The Bank of Canada announced this morning that it is holding its target for the overnight interest rate at 0.5 per cent. In the press release accompanying the decision, the Bank noted that weaker than expected growth in the global economy, and in particular in the US economy, has hurt Canadian exports and business investment in the first half of the year. On inflation, the Bank noted that total CPI inflation is below its 2 per cent target mainly due to temporary effects of low energy prices while core measures of inflation remain on target. Overall, the Bank judges risks to the economy and the profile for inflation as somewhat tilted to the downside, pointing out a possible moderation in the Vancouver housing market and financial vulnerabilities associated with high household debt.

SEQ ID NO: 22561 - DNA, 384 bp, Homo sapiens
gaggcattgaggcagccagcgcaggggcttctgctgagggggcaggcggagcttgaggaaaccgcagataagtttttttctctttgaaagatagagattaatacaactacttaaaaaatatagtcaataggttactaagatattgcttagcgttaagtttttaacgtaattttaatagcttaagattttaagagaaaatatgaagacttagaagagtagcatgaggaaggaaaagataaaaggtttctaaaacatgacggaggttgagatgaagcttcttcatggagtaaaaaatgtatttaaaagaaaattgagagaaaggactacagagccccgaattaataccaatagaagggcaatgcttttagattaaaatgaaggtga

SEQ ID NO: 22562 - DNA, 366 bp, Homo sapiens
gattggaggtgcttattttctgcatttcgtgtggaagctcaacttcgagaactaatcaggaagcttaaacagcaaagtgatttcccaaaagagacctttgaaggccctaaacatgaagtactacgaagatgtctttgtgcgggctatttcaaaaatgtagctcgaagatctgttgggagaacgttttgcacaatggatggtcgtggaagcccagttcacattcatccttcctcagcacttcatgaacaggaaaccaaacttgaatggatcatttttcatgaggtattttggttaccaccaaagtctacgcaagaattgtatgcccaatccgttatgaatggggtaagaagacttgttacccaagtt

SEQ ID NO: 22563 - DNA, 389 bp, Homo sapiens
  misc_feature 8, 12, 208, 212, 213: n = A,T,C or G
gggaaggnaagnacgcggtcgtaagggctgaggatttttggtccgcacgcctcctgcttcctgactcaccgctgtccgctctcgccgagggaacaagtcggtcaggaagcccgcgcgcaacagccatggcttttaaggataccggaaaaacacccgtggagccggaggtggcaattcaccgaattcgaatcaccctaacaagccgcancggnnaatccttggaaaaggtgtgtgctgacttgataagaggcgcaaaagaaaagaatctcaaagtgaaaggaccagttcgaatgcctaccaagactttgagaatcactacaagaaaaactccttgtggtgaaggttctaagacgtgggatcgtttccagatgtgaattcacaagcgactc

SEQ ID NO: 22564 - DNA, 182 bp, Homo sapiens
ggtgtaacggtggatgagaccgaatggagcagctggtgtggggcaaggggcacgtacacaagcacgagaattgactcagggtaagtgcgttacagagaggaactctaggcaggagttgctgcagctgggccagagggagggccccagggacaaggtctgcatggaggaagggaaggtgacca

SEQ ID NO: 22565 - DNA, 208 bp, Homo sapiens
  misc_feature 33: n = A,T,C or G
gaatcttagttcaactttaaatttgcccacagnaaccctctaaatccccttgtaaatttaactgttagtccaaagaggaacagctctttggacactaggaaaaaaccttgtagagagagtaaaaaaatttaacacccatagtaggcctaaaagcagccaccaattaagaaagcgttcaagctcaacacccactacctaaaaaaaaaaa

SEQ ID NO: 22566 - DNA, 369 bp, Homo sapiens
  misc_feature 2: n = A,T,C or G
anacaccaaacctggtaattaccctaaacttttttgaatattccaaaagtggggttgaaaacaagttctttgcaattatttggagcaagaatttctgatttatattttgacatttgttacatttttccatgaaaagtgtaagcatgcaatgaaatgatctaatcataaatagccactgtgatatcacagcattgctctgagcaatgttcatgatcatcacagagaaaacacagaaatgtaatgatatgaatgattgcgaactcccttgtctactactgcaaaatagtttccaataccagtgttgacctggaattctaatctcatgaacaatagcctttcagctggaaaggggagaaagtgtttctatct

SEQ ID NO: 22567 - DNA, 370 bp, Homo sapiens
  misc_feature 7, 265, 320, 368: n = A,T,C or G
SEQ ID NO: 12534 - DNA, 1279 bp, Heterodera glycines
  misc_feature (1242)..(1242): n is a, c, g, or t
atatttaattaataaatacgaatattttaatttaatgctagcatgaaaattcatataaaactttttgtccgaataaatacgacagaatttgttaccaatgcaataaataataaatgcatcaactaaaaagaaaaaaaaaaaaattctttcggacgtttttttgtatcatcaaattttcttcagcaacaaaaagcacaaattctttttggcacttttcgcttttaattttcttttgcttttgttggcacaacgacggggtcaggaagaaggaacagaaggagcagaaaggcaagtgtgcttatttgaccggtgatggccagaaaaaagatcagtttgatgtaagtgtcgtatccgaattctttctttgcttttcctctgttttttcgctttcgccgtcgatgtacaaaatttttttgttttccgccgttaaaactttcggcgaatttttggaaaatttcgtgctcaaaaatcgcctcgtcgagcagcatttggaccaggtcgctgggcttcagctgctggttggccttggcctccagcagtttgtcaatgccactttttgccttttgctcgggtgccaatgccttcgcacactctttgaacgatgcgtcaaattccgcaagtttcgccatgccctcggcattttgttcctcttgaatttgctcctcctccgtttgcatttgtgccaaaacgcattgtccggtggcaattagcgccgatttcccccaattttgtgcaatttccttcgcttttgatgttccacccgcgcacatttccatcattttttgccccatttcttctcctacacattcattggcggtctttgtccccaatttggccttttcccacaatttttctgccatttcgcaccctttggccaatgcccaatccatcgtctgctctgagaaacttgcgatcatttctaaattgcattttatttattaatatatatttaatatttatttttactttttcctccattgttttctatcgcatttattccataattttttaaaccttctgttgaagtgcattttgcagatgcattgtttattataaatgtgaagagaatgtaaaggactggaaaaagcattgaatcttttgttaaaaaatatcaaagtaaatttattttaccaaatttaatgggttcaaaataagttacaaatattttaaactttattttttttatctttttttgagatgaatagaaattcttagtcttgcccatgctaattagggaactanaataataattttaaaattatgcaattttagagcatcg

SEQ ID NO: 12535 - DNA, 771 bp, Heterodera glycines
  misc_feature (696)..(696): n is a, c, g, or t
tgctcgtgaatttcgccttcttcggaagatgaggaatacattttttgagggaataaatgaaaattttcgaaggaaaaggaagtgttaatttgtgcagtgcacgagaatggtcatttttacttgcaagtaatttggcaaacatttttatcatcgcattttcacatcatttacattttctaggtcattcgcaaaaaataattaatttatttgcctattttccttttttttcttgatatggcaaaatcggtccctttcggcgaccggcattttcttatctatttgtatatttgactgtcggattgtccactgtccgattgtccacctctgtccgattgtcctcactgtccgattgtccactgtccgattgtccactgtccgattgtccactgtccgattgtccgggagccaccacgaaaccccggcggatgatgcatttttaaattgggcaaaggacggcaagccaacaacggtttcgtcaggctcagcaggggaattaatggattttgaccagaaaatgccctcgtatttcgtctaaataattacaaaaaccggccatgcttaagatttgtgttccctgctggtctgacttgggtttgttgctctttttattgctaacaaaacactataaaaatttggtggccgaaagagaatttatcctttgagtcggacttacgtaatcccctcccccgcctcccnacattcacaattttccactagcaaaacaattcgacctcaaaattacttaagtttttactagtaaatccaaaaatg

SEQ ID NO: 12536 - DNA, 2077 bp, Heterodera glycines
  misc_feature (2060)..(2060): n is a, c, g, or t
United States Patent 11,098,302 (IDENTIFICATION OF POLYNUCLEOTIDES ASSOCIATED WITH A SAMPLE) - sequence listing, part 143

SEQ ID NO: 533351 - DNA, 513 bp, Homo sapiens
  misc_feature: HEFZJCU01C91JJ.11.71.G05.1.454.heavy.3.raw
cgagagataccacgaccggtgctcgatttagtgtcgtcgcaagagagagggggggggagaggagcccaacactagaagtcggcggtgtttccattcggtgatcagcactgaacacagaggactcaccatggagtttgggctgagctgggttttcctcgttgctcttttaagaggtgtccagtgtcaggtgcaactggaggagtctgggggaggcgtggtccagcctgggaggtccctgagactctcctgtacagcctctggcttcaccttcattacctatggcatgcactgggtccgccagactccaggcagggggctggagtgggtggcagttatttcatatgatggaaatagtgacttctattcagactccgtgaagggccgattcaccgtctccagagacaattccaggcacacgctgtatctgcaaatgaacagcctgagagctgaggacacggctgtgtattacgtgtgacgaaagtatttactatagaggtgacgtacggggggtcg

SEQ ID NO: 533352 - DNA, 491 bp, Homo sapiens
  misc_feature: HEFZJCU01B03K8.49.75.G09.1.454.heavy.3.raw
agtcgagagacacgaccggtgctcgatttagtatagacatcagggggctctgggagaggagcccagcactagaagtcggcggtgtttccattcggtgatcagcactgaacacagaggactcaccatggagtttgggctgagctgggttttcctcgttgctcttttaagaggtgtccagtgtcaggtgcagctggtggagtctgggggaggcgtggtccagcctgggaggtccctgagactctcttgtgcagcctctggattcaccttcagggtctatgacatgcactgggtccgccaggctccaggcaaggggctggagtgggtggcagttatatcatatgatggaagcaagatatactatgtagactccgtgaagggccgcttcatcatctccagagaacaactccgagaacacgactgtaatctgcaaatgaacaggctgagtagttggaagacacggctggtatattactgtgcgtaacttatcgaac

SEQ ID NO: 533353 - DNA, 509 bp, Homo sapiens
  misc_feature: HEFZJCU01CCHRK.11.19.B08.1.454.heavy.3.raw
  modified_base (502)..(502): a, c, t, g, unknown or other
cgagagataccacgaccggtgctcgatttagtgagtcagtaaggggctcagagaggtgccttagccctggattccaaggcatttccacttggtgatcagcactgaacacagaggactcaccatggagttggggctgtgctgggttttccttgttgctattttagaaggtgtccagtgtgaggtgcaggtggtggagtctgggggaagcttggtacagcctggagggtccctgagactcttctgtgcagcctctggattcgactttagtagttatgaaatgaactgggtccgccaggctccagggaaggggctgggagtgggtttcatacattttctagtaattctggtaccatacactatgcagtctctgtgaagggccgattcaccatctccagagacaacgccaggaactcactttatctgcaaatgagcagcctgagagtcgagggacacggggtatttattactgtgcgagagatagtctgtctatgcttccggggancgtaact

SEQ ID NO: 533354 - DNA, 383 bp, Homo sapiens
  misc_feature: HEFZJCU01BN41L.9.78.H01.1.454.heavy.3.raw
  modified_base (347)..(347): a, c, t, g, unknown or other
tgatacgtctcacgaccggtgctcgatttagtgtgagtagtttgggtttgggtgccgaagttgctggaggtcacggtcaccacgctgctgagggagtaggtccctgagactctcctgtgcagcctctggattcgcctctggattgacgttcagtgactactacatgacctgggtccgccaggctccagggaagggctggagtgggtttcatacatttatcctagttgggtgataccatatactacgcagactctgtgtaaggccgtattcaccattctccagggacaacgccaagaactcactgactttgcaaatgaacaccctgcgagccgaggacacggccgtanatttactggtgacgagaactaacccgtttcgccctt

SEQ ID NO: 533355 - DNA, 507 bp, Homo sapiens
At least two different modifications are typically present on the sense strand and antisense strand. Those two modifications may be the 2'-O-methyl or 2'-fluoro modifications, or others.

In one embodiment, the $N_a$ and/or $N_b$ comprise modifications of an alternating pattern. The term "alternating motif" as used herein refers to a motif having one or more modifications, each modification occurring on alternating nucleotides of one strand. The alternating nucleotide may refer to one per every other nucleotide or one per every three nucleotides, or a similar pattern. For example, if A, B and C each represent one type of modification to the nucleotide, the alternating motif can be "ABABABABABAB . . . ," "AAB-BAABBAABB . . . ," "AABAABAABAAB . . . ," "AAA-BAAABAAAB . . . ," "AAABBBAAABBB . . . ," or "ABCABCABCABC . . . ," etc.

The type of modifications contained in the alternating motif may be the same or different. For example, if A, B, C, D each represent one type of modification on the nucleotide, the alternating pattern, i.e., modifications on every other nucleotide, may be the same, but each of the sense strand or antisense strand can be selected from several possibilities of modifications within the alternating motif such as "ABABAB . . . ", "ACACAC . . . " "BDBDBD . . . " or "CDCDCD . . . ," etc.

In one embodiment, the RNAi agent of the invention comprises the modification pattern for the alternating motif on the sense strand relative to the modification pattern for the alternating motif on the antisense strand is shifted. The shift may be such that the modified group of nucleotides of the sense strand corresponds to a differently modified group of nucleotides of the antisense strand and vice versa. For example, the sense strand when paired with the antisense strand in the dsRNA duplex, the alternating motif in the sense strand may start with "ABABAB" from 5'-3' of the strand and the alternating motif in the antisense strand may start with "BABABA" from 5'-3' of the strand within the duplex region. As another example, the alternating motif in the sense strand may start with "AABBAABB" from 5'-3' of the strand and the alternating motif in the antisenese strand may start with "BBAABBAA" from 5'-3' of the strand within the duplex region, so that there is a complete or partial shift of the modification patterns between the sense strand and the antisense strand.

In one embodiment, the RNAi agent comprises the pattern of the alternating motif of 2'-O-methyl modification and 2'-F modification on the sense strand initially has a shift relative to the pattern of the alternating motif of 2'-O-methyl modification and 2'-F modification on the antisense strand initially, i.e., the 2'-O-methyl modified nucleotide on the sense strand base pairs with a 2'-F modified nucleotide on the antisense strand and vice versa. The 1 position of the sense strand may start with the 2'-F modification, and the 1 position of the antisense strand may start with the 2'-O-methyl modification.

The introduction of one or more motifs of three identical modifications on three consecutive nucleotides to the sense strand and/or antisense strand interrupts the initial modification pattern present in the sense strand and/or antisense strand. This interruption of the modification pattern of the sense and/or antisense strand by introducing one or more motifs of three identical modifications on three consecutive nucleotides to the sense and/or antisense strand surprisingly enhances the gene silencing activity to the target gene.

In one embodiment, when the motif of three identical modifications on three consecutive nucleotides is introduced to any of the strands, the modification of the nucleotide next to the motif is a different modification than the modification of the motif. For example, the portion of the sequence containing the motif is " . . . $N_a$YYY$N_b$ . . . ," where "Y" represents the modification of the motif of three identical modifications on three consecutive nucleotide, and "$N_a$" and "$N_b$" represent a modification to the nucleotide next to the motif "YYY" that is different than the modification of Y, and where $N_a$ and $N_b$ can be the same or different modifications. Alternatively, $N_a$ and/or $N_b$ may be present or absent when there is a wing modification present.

A second quarter contraction in GDP resulting from disruptions caused by Alberta wildfires should give way to a strong recovery in the second half of the year. We expect Canadian economic growth will rebound sharply as oil production normalizes and the federal government's uptick in expenditures and tax credits impacts the economy. With growth recovering and core inflation trending at or above the Bank's 2 per cent target, the Bank of Canada will very likely leave its policy rate unchanged for the foreseeable future. That said, even absent a change in the Bank's stance on monetary policy, mortgage rates may be moved modestly higher if the US Federal Reserve, as it recently signaled, raises its own policy rate this fall.